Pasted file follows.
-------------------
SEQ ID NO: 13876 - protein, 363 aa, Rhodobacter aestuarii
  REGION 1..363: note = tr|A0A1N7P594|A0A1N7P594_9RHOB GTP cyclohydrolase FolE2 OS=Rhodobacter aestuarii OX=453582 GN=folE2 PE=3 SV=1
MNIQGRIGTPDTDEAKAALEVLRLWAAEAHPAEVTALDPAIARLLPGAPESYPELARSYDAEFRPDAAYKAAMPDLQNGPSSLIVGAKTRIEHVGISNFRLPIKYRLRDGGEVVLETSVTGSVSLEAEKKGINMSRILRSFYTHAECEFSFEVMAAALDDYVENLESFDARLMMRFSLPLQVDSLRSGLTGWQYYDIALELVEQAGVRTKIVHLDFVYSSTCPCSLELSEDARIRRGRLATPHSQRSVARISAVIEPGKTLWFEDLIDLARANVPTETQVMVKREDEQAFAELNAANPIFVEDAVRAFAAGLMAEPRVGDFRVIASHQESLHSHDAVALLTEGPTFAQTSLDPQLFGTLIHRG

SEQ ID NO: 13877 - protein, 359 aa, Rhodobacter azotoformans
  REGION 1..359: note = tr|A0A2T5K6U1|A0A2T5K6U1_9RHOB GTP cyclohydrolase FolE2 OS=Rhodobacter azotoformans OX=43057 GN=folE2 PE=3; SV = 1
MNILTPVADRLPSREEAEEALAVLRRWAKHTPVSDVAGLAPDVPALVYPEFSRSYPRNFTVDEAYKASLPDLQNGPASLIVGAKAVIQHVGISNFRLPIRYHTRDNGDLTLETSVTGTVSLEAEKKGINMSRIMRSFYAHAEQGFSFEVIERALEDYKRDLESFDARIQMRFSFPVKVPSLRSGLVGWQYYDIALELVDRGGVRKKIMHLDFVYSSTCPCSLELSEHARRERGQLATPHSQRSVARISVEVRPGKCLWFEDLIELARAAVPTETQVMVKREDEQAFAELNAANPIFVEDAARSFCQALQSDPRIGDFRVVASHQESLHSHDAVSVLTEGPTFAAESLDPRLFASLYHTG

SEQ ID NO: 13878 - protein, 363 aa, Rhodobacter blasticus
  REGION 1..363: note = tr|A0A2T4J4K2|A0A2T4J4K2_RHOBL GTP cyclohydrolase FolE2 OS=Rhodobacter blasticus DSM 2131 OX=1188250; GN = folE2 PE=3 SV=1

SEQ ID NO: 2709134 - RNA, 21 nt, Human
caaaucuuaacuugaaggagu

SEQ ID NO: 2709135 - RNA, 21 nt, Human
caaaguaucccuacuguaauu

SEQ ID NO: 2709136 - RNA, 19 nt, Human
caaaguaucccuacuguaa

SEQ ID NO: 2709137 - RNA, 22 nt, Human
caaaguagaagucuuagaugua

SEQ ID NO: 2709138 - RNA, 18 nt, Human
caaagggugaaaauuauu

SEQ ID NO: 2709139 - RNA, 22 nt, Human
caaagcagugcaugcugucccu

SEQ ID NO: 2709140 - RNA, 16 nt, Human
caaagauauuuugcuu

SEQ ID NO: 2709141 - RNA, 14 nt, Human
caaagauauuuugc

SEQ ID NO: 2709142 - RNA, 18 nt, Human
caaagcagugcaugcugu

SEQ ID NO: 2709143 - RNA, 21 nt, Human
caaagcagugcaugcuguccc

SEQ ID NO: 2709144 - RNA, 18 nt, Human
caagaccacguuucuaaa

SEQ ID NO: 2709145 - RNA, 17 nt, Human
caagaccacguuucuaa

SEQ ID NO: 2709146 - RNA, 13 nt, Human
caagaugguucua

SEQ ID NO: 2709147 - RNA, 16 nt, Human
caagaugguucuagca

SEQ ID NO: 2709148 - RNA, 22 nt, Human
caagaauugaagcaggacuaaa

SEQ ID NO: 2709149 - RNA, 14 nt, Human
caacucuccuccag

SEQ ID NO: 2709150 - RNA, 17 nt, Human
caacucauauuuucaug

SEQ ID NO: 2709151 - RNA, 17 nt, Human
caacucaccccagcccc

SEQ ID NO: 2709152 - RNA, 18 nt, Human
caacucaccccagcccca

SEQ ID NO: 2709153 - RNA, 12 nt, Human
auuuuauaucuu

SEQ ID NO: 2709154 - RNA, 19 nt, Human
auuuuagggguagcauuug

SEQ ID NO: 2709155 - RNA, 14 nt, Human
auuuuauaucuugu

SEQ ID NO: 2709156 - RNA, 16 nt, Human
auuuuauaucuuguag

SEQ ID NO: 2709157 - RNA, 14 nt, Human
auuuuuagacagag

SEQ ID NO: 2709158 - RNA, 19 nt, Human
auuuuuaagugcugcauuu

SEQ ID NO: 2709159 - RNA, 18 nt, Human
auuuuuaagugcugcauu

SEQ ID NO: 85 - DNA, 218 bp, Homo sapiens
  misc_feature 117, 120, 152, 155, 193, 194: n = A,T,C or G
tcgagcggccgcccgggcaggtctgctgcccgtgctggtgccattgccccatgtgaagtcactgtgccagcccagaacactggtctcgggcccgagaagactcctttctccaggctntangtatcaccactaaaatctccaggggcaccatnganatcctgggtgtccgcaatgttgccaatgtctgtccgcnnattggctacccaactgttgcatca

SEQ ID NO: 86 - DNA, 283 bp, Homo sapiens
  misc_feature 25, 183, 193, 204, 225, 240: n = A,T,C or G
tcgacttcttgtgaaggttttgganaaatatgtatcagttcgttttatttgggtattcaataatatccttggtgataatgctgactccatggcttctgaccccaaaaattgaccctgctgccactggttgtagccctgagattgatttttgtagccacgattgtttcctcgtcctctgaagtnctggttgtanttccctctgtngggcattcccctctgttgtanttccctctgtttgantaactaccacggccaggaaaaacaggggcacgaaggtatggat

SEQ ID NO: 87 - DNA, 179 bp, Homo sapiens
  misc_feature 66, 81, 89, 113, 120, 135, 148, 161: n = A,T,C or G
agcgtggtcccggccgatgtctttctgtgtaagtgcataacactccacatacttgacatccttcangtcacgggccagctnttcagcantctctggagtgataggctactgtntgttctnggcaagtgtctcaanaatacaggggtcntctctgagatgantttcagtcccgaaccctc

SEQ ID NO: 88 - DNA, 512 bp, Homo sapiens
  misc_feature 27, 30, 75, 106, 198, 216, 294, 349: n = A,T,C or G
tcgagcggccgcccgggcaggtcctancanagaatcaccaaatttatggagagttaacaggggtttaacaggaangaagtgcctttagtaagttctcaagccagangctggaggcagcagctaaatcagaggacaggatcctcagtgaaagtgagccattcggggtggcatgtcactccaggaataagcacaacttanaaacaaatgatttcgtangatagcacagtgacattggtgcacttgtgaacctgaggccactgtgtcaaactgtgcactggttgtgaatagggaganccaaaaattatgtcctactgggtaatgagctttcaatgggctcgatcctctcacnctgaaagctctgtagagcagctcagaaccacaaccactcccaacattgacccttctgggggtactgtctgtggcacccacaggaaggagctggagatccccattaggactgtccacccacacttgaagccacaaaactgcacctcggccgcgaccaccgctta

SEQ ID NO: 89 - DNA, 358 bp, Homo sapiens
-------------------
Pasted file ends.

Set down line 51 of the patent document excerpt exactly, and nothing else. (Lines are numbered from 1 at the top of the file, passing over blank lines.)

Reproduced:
SEQ ID NO: 2709155 - RNA, 14 nt, Human